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Who Killed Chea Vichea?
Directed by Bradley Cox. 2010. 56 minutes. In English and Khmer with English subtitles.

Study areas: Southeast Asia, Cambodia, politics, political dissidence, labor movements

Chea Vichea

Who Killed Chea Vichea? is an investigative masterpiece. The film's director, Bradley Cox, and his producers Rich Garella and Jeffrey Saunders are to be thanked and congratulated for this arresting documentary. They have let the rest of the world in on what all Cambodians already know: namely, that their lives under the Hun Sen government, though no longer the disaster of the Khmer Rouge years from 1975 to 1979 nor the calamity of the civil war years that followed through the 1980s to 1993, are still caught up in a terrifying existence in which might makes right. The full-time nightmares of the killing fields past have lessened to become more occasional, more contextualized. They are limited to situations where power is challenged, or is felt to be so. But they are no less horrifying and brutal for all this. Those deemed in the way will pay. One former hit man, interviewed in shadow, says many Cambodian corpses have already been fed to the crocodiles. Not just ten or even fifty. Many more!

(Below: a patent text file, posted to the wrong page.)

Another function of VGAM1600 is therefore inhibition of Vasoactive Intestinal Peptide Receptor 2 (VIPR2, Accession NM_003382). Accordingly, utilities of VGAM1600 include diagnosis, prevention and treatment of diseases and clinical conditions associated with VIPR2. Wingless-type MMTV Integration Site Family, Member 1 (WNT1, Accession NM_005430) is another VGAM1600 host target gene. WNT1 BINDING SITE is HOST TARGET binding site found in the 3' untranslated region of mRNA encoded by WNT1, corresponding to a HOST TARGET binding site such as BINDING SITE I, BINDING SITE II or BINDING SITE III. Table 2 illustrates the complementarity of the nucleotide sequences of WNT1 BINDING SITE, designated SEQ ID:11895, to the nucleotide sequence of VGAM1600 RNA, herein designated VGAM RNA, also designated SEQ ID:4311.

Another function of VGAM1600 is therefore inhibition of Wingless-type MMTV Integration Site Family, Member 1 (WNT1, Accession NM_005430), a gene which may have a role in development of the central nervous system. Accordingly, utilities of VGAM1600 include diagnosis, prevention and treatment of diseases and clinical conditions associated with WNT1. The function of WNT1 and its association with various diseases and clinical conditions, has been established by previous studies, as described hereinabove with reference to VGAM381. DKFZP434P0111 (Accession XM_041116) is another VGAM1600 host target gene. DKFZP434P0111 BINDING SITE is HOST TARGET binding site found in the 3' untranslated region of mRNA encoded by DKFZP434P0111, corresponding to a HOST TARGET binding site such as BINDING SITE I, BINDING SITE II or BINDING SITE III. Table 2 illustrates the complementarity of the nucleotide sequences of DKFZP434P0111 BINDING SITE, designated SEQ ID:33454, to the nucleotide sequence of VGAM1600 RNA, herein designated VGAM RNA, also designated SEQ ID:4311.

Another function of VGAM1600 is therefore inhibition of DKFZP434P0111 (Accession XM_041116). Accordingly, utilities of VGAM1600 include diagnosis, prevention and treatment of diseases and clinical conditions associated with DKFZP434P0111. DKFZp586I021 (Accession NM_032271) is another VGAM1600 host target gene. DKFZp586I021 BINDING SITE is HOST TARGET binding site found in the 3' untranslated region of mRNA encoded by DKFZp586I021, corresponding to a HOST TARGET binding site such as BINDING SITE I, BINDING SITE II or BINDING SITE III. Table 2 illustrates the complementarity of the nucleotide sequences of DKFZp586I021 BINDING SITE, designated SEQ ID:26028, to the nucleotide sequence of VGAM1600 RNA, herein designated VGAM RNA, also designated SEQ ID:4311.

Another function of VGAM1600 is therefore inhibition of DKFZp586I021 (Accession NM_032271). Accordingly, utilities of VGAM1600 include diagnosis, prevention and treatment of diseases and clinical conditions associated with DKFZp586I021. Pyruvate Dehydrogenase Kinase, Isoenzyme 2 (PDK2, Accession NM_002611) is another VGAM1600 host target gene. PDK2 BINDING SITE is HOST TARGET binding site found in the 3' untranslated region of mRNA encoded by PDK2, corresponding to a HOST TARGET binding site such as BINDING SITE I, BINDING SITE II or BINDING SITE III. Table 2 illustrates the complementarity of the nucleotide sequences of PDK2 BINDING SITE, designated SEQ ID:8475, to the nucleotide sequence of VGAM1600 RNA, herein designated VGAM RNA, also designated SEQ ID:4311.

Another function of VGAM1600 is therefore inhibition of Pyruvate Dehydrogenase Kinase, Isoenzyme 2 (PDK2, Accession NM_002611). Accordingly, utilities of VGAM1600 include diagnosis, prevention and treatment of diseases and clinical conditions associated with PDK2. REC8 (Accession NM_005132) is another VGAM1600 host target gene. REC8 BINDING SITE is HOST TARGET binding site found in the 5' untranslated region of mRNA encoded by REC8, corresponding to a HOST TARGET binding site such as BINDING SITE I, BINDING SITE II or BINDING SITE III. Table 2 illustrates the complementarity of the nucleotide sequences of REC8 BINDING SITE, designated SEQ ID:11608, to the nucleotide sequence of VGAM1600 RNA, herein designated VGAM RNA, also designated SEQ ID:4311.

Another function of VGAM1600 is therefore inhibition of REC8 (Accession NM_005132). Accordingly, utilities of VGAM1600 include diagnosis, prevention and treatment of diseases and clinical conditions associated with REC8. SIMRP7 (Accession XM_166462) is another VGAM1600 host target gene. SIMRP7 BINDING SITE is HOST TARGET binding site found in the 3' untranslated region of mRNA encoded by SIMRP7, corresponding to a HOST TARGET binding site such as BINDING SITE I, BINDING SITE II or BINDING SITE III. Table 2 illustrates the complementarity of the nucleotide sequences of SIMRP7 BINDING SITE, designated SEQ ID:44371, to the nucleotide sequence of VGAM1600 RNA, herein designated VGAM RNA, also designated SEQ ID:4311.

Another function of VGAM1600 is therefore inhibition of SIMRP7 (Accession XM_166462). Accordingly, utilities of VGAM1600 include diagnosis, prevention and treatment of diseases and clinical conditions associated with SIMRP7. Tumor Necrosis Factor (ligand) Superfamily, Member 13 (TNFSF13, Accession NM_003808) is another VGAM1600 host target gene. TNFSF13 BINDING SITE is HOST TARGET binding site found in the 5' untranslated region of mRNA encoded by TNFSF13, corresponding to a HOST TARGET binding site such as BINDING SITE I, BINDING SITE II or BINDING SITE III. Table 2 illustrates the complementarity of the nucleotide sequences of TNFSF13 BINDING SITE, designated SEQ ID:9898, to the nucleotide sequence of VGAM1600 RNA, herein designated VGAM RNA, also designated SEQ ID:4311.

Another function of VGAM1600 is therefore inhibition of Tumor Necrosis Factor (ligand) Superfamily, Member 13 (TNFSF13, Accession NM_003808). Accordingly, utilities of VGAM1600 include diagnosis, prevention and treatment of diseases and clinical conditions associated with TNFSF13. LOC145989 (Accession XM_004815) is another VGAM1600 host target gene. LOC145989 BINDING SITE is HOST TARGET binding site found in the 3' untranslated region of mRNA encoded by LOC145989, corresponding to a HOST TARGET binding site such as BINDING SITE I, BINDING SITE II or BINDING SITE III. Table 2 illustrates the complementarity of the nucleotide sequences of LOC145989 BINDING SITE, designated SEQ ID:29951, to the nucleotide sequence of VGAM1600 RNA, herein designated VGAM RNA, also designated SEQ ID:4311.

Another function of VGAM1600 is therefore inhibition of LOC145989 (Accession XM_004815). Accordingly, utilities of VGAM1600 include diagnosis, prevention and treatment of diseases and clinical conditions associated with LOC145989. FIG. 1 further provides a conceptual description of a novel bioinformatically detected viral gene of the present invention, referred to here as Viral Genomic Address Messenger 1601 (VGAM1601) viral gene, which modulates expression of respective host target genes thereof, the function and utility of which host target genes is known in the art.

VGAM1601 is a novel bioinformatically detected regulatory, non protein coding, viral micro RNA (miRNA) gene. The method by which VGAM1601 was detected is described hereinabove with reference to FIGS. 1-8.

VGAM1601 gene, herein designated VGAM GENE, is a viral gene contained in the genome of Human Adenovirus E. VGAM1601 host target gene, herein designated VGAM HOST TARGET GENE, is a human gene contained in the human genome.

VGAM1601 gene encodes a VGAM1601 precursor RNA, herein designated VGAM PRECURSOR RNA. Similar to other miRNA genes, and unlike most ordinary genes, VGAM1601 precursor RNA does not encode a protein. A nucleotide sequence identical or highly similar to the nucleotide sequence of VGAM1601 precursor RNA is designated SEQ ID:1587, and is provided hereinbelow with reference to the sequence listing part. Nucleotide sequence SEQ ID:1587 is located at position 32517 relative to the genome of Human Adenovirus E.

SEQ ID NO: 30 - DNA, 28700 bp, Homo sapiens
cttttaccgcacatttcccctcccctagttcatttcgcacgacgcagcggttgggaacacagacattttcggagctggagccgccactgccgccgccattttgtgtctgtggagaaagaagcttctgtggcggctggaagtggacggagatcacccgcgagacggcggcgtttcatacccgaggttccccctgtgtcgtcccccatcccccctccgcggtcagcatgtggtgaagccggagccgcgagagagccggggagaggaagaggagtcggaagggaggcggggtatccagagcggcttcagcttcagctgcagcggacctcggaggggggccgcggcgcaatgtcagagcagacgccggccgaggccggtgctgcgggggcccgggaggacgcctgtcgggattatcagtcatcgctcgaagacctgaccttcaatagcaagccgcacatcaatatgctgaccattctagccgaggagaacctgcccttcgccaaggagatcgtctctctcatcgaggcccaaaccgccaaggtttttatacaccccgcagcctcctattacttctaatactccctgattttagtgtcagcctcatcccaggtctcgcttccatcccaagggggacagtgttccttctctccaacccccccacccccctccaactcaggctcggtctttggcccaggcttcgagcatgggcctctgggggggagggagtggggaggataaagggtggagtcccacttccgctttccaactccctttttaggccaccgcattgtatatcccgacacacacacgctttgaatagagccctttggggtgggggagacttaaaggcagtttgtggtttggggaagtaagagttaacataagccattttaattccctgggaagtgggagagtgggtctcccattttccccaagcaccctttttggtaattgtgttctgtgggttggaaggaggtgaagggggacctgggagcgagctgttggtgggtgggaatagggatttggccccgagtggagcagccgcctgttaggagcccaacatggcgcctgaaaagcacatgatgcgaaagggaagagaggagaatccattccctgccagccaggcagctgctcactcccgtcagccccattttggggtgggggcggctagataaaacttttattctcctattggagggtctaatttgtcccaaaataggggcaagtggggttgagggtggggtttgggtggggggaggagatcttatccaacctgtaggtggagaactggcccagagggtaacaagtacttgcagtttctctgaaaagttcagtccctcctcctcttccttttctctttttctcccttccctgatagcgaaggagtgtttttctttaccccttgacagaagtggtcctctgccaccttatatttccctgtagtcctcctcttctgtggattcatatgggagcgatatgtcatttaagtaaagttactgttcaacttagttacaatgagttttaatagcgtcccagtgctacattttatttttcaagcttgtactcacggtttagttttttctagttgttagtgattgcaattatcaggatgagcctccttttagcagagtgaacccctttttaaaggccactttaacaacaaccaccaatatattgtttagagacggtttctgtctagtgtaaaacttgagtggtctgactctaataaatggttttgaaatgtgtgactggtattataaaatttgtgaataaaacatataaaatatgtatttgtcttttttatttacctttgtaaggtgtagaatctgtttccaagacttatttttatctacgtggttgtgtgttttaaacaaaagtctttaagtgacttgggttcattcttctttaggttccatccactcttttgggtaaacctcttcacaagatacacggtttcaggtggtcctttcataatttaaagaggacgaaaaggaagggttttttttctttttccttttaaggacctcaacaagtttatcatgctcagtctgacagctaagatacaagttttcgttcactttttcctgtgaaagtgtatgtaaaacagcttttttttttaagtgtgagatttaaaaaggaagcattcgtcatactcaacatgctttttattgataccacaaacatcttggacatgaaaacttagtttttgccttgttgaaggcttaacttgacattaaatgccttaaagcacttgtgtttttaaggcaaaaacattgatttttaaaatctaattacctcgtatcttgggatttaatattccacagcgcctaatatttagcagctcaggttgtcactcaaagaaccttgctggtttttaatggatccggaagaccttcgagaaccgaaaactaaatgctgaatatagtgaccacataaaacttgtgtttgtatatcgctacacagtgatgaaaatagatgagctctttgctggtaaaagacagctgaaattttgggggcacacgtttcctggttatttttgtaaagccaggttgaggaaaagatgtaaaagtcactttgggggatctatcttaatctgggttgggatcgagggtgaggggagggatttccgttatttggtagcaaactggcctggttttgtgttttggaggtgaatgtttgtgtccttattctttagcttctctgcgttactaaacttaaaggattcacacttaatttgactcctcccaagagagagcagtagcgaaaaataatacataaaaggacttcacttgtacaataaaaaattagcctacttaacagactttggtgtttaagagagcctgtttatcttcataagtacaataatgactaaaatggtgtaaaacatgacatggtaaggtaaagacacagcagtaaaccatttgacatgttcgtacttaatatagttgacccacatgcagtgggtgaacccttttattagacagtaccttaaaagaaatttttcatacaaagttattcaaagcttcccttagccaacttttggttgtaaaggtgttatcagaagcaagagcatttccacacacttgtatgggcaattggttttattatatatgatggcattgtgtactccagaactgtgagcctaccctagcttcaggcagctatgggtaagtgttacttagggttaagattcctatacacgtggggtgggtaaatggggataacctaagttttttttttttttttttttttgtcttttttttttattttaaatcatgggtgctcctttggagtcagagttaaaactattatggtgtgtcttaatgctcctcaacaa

One comes away from this film understanding that the killer of the much loved Cambodian labor union president Chea Vichea on January 22nd, 2004, Chinese New Years, in front of a news stand near his home in Phnom Penh, has never been brought to justice. In fact, the courts, in a compounding act of injustice, falsely convicted two innocent men of the crime. What makes this film work is its convincing presentation of the background of these two events: Chea Vichea's assassination in broad daylight and the trial and subsequent appeals of the two convenient scapegoats, Born Samnang and Sok Sam Ouen. Director Cox spent five years in Cambodia and had already been interviewing Chea Vichea in the period leading up to the 2003 elections. He knew of his staunch commitment to workers’ rights in Cambodia and also of the threats to Vichea's life resulting from his fight for those rights. Vichea had opted to stay in Cambodia and support its 200,000 garment workers, whose wages were only around US$45 a month, in their demands for better pay and working conditions rather than flee. He had allied with the opposition leader Sam Rainsy against Hun Sen and the ruling Cambodia Peoples Party, CPP. In the July 2003 national election, no side had gotten a majority and the three leading parties, CPP, Sam Rainsy, and the Royalists, spent months bargaining over how to form a coalition government. Eventually the Royalists sided with the CPP, and Sam Rainsy lost out. Then came Chea Vichea's killing.